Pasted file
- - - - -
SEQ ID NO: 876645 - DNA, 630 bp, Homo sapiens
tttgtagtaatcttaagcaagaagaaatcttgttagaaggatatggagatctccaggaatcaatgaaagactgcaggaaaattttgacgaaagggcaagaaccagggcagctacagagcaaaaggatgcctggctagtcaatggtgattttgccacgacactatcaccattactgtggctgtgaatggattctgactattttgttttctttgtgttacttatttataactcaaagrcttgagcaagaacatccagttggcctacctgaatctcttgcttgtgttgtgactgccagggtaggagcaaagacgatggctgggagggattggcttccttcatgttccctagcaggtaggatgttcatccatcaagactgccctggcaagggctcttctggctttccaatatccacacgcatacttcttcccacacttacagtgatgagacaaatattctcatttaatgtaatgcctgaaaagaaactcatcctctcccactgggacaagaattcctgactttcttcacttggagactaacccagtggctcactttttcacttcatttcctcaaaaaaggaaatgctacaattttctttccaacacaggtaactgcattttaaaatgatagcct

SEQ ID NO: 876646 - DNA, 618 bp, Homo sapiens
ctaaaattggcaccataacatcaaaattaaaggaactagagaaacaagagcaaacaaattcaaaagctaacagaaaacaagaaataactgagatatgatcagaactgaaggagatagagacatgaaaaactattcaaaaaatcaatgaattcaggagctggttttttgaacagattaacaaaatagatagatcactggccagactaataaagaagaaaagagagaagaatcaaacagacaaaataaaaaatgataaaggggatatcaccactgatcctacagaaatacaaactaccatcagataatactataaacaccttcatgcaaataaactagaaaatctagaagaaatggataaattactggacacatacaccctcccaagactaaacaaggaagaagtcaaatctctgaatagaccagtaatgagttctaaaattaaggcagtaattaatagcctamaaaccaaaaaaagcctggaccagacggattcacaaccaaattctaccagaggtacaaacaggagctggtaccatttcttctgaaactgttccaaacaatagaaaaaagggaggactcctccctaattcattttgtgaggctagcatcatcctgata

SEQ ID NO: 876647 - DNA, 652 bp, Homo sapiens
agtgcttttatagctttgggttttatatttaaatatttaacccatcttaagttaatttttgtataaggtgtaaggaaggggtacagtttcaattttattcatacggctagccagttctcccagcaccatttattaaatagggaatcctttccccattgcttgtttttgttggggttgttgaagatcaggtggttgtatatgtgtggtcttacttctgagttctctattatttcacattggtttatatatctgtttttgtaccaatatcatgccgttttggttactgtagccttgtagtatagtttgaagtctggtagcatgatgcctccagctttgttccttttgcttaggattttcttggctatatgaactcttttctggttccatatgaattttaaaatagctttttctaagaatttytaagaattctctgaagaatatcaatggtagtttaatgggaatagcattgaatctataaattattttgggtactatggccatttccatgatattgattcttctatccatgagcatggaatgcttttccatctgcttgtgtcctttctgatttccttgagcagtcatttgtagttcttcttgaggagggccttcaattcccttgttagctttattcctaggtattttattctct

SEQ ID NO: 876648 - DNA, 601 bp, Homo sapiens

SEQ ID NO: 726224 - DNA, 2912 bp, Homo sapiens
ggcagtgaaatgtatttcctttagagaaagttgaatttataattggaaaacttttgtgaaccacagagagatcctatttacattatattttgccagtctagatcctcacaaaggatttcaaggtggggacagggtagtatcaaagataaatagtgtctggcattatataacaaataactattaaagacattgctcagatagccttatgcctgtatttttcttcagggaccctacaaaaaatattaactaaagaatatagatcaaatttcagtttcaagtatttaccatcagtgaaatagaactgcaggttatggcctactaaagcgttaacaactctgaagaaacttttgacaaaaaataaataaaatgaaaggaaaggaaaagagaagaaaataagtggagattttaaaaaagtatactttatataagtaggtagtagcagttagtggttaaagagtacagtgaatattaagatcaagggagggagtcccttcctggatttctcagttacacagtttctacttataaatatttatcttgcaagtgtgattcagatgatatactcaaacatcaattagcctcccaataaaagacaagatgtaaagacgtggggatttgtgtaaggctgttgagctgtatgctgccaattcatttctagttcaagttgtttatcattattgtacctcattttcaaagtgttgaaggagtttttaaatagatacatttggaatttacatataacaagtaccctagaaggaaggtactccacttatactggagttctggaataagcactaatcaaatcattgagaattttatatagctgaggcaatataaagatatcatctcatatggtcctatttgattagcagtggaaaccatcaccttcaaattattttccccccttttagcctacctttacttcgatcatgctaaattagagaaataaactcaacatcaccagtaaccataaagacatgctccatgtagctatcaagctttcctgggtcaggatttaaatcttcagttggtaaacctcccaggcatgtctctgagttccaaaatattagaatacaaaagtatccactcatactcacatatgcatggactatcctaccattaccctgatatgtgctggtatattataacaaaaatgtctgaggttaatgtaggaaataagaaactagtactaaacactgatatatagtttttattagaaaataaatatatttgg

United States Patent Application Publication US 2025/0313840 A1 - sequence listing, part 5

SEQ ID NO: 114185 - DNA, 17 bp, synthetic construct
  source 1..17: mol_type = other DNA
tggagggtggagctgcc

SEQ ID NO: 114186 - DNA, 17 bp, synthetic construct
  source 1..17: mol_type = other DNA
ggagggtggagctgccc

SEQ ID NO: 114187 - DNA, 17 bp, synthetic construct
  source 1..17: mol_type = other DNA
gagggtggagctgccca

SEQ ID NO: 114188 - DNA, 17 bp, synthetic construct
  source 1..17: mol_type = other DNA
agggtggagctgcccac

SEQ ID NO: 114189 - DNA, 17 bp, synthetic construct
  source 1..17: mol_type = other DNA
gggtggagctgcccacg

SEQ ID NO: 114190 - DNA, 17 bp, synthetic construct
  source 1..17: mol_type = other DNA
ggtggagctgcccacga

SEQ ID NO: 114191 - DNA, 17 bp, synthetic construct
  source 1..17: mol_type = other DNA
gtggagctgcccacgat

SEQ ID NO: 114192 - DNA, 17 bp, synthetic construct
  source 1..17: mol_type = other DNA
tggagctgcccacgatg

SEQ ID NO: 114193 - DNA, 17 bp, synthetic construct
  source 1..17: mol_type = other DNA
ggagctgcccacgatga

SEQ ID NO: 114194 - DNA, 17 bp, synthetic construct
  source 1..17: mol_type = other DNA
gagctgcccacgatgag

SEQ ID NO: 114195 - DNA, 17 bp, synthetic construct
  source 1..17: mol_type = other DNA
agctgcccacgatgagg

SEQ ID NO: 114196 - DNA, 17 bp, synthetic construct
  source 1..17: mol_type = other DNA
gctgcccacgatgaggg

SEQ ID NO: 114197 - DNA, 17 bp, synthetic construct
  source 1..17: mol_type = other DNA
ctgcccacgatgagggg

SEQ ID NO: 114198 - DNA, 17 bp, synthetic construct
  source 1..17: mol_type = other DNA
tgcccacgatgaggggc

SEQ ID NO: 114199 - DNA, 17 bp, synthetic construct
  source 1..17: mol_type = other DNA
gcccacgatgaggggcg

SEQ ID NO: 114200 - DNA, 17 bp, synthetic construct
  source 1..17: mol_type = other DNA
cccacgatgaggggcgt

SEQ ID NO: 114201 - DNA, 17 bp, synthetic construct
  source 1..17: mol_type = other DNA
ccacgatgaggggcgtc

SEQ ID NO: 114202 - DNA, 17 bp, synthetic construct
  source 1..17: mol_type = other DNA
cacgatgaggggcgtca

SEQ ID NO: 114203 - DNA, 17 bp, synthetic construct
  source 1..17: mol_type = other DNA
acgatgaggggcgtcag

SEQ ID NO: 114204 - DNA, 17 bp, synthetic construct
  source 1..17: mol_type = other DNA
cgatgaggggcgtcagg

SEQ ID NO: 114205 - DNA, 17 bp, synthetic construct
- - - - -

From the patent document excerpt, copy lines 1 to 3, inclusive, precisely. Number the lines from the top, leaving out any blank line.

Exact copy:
SEQ ID NO: 876645 - DNA, 630 bp, Homo sapiens
tttgtagtaatcttaagcaagaagaaatcttgttagaaggatatggagatctccaggaatcaatgaaagactgcaggaaaattttgacgaaagggcaagaaccagggcagctacagagcaaaaggatgcctggctagtcaatggtgattttgccacgacactatcaccattactgtggctgtgaatggattctgactattttgttttctttgtgttacttatttataactcaaagrcttgagcaagaacatccagttggcctacctgaatctcttgcttgtgttgtgactgccagggtaggagcaaagacgatggctgggagggattggcttccttcatgttccctagcaggtaggatgttcatccatcaagactgccctggcaagggctcttctggctttccaatatccacacgcatacttcttcccacacttacagtgatgagacaaatattctcatttaatgtaatgcctgaaaagaaactcatcctctcccactgggacaagaattcctgactttcttcacttggagactaacccagtggctcactttttcacttcatttcctcaaaaaaggaaatgctacaattttctttccaacacaggtaactgcattttaaaatgatagcct

SEQ ID NO: 876646 - DNA, 618 bp, Homo sapiens